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Thursday, February 23, 2017
Live Simply celebration at Westminster Cathedral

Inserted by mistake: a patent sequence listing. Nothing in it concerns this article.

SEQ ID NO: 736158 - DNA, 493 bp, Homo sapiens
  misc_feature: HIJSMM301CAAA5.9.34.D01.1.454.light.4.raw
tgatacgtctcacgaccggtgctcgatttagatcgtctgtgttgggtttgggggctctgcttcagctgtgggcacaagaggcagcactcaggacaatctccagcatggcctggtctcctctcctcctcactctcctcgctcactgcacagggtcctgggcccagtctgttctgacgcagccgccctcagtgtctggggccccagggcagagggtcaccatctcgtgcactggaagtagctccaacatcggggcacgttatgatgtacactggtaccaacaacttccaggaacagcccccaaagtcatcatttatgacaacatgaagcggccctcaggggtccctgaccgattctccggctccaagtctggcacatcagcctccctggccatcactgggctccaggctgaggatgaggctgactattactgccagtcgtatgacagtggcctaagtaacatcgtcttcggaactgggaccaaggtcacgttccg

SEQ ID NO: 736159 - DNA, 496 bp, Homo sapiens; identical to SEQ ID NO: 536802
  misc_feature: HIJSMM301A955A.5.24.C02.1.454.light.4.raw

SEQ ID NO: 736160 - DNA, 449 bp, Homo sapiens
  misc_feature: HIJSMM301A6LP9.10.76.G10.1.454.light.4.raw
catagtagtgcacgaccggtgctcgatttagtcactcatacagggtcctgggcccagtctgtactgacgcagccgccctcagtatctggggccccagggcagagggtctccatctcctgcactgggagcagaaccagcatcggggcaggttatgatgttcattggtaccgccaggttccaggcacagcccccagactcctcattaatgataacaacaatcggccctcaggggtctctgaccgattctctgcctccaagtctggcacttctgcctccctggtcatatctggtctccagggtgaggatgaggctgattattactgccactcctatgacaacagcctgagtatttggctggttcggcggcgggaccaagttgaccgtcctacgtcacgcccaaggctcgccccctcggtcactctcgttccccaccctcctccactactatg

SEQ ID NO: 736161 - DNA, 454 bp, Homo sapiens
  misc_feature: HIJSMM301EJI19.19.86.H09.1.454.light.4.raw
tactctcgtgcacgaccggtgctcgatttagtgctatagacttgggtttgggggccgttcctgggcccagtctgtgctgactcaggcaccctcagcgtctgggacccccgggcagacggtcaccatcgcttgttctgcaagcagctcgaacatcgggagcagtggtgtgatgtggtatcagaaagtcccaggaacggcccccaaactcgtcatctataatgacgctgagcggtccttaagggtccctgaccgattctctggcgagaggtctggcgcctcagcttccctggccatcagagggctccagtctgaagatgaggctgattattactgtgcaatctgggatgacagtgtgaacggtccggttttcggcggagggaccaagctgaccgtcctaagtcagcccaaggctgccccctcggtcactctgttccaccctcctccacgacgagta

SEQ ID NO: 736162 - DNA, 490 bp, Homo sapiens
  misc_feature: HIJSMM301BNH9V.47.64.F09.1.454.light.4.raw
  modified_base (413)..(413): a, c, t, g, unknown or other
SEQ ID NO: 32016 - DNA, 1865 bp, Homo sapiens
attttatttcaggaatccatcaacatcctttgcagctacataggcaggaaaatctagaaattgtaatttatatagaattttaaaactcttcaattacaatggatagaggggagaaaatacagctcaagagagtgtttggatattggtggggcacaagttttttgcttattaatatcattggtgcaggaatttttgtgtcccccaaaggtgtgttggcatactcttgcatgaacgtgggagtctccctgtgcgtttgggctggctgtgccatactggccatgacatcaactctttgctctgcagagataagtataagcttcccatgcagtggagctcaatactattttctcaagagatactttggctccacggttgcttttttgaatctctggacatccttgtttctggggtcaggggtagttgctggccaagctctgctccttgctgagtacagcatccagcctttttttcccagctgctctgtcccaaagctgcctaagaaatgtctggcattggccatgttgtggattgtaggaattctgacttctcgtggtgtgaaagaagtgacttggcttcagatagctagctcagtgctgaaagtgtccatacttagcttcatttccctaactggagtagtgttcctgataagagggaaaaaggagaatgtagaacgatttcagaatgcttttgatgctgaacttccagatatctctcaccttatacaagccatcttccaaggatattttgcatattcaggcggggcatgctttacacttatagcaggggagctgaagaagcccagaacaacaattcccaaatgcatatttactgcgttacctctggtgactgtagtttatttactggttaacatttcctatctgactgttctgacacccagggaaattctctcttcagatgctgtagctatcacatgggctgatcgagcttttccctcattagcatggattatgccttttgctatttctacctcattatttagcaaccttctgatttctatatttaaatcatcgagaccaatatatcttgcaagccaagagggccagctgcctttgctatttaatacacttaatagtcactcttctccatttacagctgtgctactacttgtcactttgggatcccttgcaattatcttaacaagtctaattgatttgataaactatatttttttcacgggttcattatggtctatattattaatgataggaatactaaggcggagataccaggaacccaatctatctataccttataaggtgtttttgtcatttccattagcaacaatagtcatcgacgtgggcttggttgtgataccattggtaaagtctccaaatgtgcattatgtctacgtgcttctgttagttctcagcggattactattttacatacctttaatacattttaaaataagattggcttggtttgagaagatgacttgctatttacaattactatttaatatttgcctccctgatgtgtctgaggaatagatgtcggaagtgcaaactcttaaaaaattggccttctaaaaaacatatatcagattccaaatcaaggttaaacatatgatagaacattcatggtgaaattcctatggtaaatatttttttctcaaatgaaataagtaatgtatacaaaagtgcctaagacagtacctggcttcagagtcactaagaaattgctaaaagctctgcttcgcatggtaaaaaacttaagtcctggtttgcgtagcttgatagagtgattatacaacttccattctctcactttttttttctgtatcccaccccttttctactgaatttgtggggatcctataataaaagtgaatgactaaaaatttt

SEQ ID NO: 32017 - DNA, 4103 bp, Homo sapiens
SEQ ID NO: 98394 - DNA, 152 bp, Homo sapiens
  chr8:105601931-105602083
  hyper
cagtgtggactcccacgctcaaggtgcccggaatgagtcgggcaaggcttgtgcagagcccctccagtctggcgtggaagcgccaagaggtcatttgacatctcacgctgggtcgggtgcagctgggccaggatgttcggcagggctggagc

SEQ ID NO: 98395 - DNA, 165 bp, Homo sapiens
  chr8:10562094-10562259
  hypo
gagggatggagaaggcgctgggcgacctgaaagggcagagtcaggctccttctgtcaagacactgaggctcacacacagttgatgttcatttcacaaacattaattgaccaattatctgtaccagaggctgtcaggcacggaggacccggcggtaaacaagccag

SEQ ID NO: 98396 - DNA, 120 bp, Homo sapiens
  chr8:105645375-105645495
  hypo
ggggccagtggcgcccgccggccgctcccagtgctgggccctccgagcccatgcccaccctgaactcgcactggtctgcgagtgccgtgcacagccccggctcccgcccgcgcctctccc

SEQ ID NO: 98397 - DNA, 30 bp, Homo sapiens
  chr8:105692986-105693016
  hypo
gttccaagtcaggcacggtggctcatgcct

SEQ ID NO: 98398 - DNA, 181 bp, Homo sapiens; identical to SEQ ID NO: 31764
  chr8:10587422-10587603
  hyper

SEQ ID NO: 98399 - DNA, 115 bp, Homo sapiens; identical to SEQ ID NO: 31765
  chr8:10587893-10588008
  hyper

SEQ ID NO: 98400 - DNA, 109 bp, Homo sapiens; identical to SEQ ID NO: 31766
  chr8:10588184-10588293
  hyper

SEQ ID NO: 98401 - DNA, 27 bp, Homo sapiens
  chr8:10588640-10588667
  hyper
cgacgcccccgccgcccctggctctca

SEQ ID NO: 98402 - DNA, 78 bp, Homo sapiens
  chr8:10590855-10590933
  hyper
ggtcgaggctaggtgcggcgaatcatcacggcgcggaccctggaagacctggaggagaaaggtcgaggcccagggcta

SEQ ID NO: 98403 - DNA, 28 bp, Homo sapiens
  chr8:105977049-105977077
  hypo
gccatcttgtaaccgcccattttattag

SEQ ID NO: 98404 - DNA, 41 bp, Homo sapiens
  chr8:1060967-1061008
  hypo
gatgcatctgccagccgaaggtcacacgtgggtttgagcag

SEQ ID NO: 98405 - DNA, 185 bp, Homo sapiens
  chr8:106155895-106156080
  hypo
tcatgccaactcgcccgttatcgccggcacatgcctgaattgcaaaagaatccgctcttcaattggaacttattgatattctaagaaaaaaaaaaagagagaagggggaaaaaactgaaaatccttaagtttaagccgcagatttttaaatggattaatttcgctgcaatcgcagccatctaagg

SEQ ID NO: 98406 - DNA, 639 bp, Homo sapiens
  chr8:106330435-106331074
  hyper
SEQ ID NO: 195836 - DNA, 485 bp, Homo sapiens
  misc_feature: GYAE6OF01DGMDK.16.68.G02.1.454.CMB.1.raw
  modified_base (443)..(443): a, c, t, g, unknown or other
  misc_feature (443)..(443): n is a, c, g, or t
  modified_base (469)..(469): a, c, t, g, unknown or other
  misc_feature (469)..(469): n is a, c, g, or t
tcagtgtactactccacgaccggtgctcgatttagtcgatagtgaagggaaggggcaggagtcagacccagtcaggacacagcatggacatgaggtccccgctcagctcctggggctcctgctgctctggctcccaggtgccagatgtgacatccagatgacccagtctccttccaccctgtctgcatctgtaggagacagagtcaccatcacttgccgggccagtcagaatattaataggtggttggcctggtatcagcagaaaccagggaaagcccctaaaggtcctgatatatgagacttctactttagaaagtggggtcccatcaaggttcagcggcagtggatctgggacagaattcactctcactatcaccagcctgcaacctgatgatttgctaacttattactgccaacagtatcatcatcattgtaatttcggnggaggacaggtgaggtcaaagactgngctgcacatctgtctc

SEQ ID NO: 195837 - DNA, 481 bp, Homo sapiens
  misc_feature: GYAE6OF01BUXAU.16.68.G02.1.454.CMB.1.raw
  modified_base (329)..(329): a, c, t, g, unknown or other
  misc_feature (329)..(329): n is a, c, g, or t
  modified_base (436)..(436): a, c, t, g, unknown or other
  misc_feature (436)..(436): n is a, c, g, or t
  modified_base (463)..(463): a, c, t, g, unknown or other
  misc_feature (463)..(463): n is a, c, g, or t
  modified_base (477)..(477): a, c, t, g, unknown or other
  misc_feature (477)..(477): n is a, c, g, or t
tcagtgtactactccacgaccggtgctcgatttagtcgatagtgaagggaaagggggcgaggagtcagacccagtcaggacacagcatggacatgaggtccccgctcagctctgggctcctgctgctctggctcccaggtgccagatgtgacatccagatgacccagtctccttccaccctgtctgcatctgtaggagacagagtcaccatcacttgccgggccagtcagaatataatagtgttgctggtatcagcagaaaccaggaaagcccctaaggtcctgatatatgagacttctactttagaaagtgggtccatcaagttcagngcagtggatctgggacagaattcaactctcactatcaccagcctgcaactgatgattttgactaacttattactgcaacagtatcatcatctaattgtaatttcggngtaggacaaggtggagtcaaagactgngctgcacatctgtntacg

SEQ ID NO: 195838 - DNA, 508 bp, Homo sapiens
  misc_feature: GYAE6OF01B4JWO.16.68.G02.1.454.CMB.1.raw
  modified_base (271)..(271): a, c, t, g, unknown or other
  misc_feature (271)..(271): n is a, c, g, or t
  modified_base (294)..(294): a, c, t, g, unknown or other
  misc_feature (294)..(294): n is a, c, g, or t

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¬†Cardinal Cormac Murphy O'Connor, joined by the Bishop Kieran Conry of Arundel and Brighton, Bishop Thomas McMahon of Brentwood, Southwark Area Bishop John Hine, theologian Julie Clague and some 800 CAFOD supporters, celebrated the first anniversary of the live simply initiative.at Westminster Cathedral on Saturday. In an age where materialism and consumerism have become new gods, the idea of living simply, sustainably and in solidarity with people who are poor appears to have caught the imagination of thousands of people. The Cardinal called it "an excellent initiative" adding that "people don't realise sufficiently that living simply isn't just about eating less, or drinking less, but it is about an attitude of mind, an attitude of heart, that we want to associate with those who have nothing". Over the past year live simply has taken on a momentum of its own. Eileen Hayes, Diocesan Officer for CAFOD Westminster said: "during the year we've deepened our understanding of what live simply means and it has grown in complexity as the numbers of people and different organisations joining the initiative has grown". Now over 55 organisations belong to a Catholic network determined to transform the world. CAFOD supporters have turned livesimply into action by campaigning for fairer trade in the gold industry, using public transport and recycling and generously giving money to help CAFOD's work overseas. The service at the Cathedral not only coincided with the start of Advent but also World AIDS Day. Maria Zuurmond, a member of CAFOD's HIV/AIDS team, spoke movingly of the stigma attached to HIV/AIDS and of her recent visits to CAFOD's partners in Africa. She was particularly touched by the plight of children in Zambia, many of whom are affected by AIDS. The positive aspect of CAFOD's work she said is that it has "enabled CAFOD partners to move away from helping people with HIV/AIDS to die with dignity, to helping them live with dignity". In his address the Cardinal also touched on the plight of children in Africa and their lack of health facilities. The Cardinal, referring to 'Live simply', said that we must each follow this course "not just because we are Christians, but because each one of us wants to give our moral voice". 80 year old Bernard Taylor from All Saints Parish in Kenton, Harrow is one of person who is following this course. He works tirelessly for the people in the developing world. On one occasion he raised £1,274 for CAFOD. He literally 'got on his bike' and cycled for ten miles. He said the service in Westminster Cathedral had "given him spiritual inspiration to continue his work for CAFOD". During the service an Angolan Prayer Group led in a special celebratory candle, singing and swaying as they came up the central aisle. Members of the 'Mama Muxima Bless Your People' group got together four years ago. One of their members, Calciva explained they wanted to "do something for Christ, to be in Christ's life". Theirs is one of the world's poorest countries and still striving to recover from the ravages of 27 years of civil war. Yet like the DRC it is rich in natural resources. The concepts of 'sharing and caring' were symbolised during the service by the Cardinal and the bishops taking their light from the special candle and coming down from the sanctuary to light the candles of CAFOD supporters. The Bishop of Brentwood, Thomas McMahon, who said that he was "full of admiration for the work of CAFOD" talked about the importance of "sharing and valuing other people". While Deborah Purfield, a CAFOD volunteer and one of the readers at the service, said "it's wonderful to see people sharing belief in a cause" adding that "it is good for the person, the community, the environment and for our brothers and sisters who are less fortunate. It's a win, win situation". The importance of sharing and what it truly means was explained by Cardinal Cormac Murphy- O'Connor when he related a story about a visit he made to Peru when still a parish priest. While sitting at an airport with another priest, two ten year old boys, who were extremely thin, approached them and asked if they could polish their shoes. Having no need of this service they declined. Instead, the priest he was with asked the boys if they were hungry and gave them a toasted sandwich. The boys devoured it in seconds, the priest then invited the boys to join them and share the rest of their food, something the Cardinal said "he will never forget "adding "the priest did the right thing. It's not enough to just give money, we must share our table with the poor".
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